1. Less ambiguity. What is “early this evening?”  If 8PM is clear, why not stick with that?  What’s the difference between a “dangerous area” and any other structure?  Isn’t the issue here that any structure is a risk because a wave can cause a swimmer to collide with it?
  2. Less formal language. Why a “Beach Hazards Statement” instead of just “Hazardous Beach Conditions?” In fact, with a little more time, we might try to simplify that phrase.  How about “Unsafe Beaches?”
  3. Active, rather than passive verbs.  You learned this in school.  “Remains in effect” is passive.  Actually, we just took out the verb in the 2nd re-write.
  4. Shorter. On a word count basis, we saved 10 words, which is more than 10%.  It’s just easier to read.

 

Actual Alert

* HEADLINE: Beach Hazards Statement issued June 14 at 10:30AM EDT until June 14 at 8:00PM EDT by NWS Buffalo

* DESCRIPTION: …BEACH HAZARDS STATEMENT REMAINS IN EFFECT UNTIL 8 PM EDT THIS EVENING…

* LOCATIONS…Beaches of Niagara, Orleans, Monroe, and Wayne counties.

* TIMING…Through early this evening.

* IMPACTS…Strong currents and dangerous swimming conditions.

INSTRUCTIONS: A Beach Hazards Statement is issued when there is a high swim risk. This means life threatening waves and currents are expected. Stay out of the water and stay away from dangerous areas like piers and breakwalls.

1st Re-Write

* HEADLINE: NWS Buffalo: Hazardous Beach Conditions from June 14 at 10:30AM EDT until June 14 at 8:00PM EDT

* DESCRIPTION: …HAZARDOUS BEACH CONDITIONS ARE IN EFFECT UNTIL 8 PM EDT THIS EVENING…

* IMPACTS…High risk of drowning. Life threatening waves and currents expected.

* LOCATIONS…Lake Ontario Beaches of Niagara, Orleans, Monroe, and Wayne counties, NY. From Niagara-on-the-Lake to Fair Haven.

* INSTRUCTIONS: …Stay out of the water and away from piers, breakwalls and other structures near the water’s edge.

* TIMING…Through 8PM tonight.

 

2nd Re-Write

* HEADLINE: NWS Buffalo: Hazardous Beach Conditions, June 14 from 10:30AM until 8:00PM (EDT).

* SOURCE: NWS Buffalo

* HAZARD: …LIFE THREATENING BEACH CONDITIONS UNTIL 8 PM THIS EVENING…High risk of drowning. Life threatening waves and currents expected.

* LOCATIONS…The southern shore of Lake Ontario including Niagara, Orleans, Monroe, and Wayne counties, NY. From Niagara-on-the-Lake to Fair Haven.

* GUIDANCE: …Stay out of the water and away from piers, breakwalls and other structures near the water’s edge. Do not swim.

* EXPIRATION…Through 8PM tonight.

Plan Ahead: Emergency Message Templates

In our recent post – “Best Practices in Emergency Notification: Severe Weather Alerts” – we talked a little about how to structure an emergency notification message. We’d like to expand on this topic.

According to Dr. Dennis Mileti, Professor Emeritus and former Director of the Natural Hazards Center at the University of Colorado Boulder, a successful warning message should include these five components (https://www.fema.gov/media-library/assets/videos/159069):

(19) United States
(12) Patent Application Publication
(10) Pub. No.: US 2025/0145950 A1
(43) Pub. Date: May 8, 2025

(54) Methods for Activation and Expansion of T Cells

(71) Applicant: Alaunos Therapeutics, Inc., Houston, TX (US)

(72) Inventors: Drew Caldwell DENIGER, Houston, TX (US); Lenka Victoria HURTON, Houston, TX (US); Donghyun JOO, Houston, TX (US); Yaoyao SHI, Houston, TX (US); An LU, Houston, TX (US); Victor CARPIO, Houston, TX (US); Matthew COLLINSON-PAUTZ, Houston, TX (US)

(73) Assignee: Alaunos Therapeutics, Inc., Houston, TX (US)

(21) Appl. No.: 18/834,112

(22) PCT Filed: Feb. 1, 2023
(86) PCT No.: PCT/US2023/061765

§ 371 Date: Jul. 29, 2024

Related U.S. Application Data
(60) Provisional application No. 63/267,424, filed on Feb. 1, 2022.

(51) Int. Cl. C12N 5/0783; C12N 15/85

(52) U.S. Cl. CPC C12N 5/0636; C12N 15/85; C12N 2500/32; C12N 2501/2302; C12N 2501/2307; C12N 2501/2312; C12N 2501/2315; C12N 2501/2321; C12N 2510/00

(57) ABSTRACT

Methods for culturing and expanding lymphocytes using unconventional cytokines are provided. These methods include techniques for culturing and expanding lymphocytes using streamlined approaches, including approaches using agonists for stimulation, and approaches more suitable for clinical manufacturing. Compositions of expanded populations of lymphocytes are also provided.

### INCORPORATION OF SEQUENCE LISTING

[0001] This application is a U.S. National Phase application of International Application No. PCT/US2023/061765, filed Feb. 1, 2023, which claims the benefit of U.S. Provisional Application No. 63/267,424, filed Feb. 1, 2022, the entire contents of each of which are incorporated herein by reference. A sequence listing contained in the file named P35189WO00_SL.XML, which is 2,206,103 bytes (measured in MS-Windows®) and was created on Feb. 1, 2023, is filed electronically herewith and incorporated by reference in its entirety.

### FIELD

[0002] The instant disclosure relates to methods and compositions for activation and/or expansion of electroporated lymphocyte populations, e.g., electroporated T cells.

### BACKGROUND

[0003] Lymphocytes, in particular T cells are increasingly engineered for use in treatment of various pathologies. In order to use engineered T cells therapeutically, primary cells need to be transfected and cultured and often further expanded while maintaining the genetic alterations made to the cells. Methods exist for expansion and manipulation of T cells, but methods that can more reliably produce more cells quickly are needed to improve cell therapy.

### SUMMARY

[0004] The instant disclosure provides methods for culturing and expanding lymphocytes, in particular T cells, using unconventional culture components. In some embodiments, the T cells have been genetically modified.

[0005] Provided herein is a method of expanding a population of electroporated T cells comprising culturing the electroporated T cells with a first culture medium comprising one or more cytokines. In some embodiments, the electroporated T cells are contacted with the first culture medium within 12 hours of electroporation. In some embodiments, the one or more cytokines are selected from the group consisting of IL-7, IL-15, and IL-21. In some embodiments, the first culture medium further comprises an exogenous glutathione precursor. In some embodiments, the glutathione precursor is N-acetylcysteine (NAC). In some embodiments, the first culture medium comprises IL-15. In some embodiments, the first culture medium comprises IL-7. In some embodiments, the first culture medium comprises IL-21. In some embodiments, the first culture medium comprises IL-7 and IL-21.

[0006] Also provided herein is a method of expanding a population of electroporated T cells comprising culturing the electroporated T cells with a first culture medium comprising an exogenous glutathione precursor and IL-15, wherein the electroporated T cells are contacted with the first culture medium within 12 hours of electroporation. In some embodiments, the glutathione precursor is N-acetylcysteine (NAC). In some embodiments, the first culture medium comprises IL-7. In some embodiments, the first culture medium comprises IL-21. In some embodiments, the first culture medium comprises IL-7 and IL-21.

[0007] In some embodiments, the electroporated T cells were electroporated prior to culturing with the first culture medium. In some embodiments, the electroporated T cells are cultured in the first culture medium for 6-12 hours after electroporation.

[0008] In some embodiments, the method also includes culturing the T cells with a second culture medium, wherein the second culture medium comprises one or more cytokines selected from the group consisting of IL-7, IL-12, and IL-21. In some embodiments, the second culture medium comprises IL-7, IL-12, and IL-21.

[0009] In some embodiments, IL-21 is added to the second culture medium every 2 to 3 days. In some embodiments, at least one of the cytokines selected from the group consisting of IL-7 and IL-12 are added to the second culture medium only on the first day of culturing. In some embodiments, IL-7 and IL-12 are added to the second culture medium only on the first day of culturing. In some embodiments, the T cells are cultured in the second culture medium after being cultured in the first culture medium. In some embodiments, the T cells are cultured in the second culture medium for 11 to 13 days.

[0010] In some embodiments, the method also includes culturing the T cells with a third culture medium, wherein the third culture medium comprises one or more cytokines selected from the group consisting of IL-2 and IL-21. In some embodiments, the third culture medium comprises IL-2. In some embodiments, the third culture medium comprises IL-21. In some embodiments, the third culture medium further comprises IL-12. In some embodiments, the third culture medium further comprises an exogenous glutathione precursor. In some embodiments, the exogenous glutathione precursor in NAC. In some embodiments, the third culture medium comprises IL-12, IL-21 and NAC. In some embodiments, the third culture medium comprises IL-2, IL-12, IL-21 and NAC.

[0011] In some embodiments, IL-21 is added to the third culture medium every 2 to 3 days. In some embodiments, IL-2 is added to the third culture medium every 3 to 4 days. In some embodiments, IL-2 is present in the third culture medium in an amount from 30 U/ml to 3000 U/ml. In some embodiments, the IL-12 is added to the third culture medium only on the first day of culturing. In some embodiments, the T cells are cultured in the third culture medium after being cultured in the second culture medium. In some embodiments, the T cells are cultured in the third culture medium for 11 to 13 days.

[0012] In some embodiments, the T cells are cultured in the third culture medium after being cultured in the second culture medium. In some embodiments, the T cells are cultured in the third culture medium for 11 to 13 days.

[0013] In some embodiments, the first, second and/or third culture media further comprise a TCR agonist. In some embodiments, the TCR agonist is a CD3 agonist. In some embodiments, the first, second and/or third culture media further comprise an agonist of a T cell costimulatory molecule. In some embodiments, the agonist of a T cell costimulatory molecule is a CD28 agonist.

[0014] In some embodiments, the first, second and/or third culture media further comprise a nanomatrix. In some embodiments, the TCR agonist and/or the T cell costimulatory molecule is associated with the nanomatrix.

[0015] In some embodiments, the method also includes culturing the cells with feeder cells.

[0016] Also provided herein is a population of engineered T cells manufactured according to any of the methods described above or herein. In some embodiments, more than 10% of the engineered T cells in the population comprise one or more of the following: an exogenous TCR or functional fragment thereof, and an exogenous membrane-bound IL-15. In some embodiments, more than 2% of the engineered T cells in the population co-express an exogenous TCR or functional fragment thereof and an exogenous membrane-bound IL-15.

• Source: who the message is from;
  • Hazard: the threat and its impacts;
  • Location: the impact area boundaries described in a way that can be easily understood (for example: street names, landmarks, natural features and political boundaries);
  • Guidance (Protective Action)/Time: what protective action to take, when to do it, how to do it, and how doing it reduces impacts;
  • Expiration time: when the alert/warning expires and/or new information will be received.

Through our emergency notification experience, we’ve discovered that message style is also very important. A successful notification message should:

  • be brief but impactful: simple and straight to the point.
  • use simple language: avoid jargon and technical language. It must be easy to understand for all residents of your community regardless of their age and occupation.
  • include a picture and/or a source for more details or updates.

In contrast, sending out an inappropriate message could cause results that are completely opposite to what you intended.  Instead of helping people to avoid/escape an emergency, a badly worded message may create unnecessary panic or inaction.

To help insure a good message structure, it’s useful to have some ready templates that you can use as a starting point when writing a warning message. Which is why Hyper-Reach offers the ability to create saved message templates, and is improving that capability. Templates can not only save you time but also will serve as a good quality control practice, avoiding inconsistencies and mistakes.

Although current IPAWS/WEA messages are limited to 90 characters, it’s still possible to cover the most important information with IPAWS/WEA and supplement with other messaging methods. So if you have a modern Emergency Notification system such as Hyper-Reach in place, you can send out not only 90-character WEA messages but also more detailed text messages, emails, Facebook and Twitter posts.